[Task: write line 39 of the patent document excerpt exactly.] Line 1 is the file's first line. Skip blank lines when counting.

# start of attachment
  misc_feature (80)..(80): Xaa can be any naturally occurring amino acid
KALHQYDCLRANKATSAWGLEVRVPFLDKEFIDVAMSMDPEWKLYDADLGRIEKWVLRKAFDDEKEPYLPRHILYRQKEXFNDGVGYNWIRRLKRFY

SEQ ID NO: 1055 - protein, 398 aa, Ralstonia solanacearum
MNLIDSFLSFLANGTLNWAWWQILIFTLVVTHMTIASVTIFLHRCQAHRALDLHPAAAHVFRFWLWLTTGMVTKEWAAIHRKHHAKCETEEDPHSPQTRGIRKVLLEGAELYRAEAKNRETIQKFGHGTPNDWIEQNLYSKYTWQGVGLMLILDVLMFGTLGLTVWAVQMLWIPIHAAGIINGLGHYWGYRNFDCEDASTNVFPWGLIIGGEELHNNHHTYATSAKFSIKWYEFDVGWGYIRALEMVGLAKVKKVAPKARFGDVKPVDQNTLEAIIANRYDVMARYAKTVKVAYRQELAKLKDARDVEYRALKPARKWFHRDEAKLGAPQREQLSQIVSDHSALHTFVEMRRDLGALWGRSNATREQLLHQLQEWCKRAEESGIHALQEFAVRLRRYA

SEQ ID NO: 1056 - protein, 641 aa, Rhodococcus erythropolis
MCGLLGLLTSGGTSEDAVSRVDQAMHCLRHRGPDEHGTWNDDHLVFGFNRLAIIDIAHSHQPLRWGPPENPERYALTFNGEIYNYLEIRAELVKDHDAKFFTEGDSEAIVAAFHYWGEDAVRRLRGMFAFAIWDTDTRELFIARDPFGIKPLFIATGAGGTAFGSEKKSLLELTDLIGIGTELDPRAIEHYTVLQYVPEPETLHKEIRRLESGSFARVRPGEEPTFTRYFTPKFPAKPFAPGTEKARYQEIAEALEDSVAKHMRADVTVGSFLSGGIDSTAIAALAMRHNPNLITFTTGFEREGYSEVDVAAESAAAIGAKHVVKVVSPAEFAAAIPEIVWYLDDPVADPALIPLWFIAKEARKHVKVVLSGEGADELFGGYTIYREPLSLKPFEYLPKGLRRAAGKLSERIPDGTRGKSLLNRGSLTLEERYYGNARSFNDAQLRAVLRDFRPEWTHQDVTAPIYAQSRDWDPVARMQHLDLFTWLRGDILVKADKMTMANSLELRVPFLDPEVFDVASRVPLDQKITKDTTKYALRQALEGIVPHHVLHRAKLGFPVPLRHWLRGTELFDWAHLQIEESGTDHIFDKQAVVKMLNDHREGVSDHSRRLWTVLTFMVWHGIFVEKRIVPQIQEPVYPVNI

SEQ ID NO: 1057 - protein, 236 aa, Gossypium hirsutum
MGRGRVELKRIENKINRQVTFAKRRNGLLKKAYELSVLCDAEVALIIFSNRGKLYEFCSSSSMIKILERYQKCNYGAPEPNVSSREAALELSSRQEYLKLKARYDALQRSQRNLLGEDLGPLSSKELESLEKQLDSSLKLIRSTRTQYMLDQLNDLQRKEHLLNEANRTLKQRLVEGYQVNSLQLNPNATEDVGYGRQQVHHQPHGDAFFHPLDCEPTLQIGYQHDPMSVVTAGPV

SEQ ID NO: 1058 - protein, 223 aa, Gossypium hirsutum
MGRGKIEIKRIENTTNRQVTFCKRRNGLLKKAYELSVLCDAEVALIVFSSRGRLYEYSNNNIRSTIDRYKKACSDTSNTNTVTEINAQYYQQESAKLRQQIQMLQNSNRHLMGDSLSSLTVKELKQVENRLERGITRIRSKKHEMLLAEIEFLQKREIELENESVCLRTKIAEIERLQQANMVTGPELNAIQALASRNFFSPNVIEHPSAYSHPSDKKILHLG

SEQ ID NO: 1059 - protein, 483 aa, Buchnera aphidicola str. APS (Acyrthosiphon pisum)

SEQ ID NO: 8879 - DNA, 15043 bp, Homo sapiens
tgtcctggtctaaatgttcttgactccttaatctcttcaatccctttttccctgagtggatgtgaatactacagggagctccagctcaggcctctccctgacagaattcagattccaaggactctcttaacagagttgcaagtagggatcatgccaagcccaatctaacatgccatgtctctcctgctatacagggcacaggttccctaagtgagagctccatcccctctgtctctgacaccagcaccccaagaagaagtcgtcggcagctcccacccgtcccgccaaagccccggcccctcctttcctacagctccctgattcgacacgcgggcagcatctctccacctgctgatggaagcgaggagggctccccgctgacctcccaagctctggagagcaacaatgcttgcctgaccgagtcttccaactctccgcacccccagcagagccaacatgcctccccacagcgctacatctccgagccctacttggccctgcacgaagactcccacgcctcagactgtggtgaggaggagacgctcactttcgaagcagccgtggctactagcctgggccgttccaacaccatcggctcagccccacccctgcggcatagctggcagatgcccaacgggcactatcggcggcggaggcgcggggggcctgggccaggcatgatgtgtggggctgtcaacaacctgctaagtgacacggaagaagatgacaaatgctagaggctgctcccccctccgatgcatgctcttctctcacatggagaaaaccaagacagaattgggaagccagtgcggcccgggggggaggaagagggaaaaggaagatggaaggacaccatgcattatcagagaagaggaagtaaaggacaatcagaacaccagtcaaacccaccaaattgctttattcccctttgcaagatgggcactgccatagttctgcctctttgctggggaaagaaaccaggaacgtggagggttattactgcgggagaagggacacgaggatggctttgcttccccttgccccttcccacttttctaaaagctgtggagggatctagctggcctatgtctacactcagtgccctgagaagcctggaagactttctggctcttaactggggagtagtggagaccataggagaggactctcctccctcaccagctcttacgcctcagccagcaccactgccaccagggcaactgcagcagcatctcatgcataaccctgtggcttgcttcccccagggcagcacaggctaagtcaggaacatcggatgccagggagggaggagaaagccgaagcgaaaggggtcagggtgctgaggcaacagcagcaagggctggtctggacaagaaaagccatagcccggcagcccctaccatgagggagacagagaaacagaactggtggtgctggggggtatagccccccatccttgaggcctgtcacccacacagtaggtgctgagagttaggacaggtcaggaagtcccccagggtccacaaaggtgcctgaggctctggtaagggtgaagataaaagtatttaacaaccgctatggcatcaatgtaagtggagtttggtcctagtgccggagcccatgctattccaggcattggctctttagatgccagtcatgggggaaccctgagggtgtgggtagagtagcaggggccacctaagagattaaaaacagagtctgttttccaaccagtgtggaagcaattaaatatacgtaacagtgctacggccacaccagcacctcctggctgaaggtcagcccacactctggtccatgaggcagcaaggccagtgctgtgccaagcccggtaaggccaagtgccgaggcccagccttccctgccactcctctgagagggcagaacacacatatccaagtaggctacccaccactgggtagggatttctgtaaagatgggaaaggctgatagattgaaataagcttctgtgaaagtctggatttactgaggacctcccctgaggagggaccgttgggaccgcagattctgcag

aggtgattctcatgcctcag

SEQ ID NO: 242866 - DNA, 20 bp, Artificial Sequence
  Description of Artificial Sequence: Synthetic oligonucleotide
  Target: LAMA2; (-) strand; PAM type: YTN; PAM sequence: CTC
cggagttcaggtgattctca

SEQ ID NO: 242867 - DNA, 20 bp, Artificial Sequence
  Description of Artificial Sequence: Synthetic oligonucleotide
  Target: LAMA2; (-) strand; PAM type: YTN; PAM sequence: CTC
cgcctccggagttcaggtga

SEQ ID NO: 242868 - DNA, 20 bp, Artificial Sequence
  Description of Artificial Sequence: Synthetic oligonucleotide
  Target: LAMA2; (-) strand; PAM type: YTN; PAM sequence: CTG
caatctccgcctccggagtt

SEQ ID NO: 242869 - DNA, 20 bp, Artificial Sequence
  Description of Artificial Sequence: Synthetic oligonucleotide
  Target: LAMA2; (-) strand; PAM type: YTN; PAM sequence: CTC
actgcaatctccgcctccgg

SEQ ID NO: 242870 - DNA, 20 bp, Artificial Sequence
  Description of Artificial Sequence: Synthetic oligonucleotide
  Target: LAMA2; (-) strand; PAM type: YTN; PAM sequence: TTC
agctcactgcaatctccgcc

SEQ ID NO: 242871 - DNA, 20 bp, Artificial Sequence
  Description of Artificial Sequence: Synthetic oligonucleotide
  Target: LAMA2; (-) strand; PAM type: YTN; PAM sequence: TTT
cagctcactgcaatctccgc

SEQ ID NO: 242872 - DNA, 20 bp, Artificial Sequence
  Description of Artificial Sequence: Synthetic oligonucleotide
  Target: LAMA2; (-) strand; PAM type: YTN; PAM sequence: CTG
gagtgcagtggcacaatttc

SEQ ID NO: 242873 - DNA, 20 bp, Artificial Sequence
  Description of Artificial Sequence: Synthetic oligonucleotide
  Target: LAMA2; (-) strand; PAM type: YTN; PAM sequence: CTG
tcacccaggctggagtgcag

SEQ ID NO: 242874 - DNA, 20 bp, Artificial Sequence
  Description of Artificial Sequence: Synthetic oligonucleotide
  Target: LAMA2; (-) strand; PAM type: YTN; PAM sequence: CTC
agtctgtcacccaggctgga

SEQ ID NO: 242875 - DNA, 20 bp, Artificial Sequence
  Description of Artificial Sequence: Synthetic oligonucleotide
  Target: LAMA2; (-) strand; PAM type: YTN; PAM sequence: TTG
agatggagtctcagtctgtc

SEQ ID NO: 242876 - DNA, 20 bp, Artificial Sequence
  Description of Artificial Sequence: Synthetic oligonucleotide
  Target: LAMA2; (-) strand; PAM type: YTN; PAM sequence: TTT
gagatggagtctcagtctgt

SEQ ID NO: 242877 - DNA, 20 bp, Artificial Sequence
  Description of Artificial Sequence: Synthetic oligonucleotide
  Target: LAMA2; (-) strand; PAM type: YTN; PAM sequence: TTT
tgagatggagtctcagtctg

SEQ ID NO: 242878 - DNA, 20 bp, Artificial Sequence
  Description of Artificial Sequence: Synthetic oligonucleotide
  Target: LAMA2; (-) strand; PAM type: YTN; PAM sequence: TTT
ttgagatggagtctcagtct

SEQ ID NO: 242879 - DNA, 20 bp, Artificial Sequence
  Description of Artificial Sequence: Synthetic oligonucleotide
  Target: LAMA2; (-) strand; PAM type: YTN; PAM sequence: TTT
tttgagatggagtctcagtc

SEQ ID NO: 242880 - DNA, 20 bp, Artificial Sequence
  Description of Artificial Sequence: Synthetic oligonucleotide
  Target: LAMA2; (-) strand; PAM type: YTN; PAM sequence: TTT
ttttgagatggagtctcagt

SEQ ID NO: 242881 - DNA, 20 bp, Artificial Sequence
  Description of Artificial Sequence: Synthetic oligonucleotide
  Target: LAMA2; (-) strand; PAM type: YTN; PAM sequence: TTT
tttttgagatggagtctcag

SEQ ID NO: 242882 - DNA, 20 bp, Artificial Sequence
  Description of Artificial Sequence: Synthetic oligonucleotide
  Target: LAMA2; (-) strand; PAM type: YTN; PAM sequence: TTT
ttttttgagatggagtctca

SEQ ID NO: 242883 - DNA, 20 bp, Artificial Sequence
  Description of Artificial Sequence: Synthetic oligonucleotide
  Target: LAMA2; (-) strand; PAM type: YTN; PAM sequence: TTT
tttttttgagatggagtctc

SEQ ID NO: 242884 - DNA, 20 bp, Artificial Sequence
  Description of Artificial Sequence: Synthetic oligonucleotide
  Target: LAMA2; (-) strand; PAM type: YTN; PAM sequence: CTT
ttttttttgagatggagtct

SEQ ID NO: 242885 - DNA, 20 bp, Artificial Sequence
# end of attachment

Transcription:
SEQ ID NO: 242872 - DNA, 20 bp, Artificial Sequence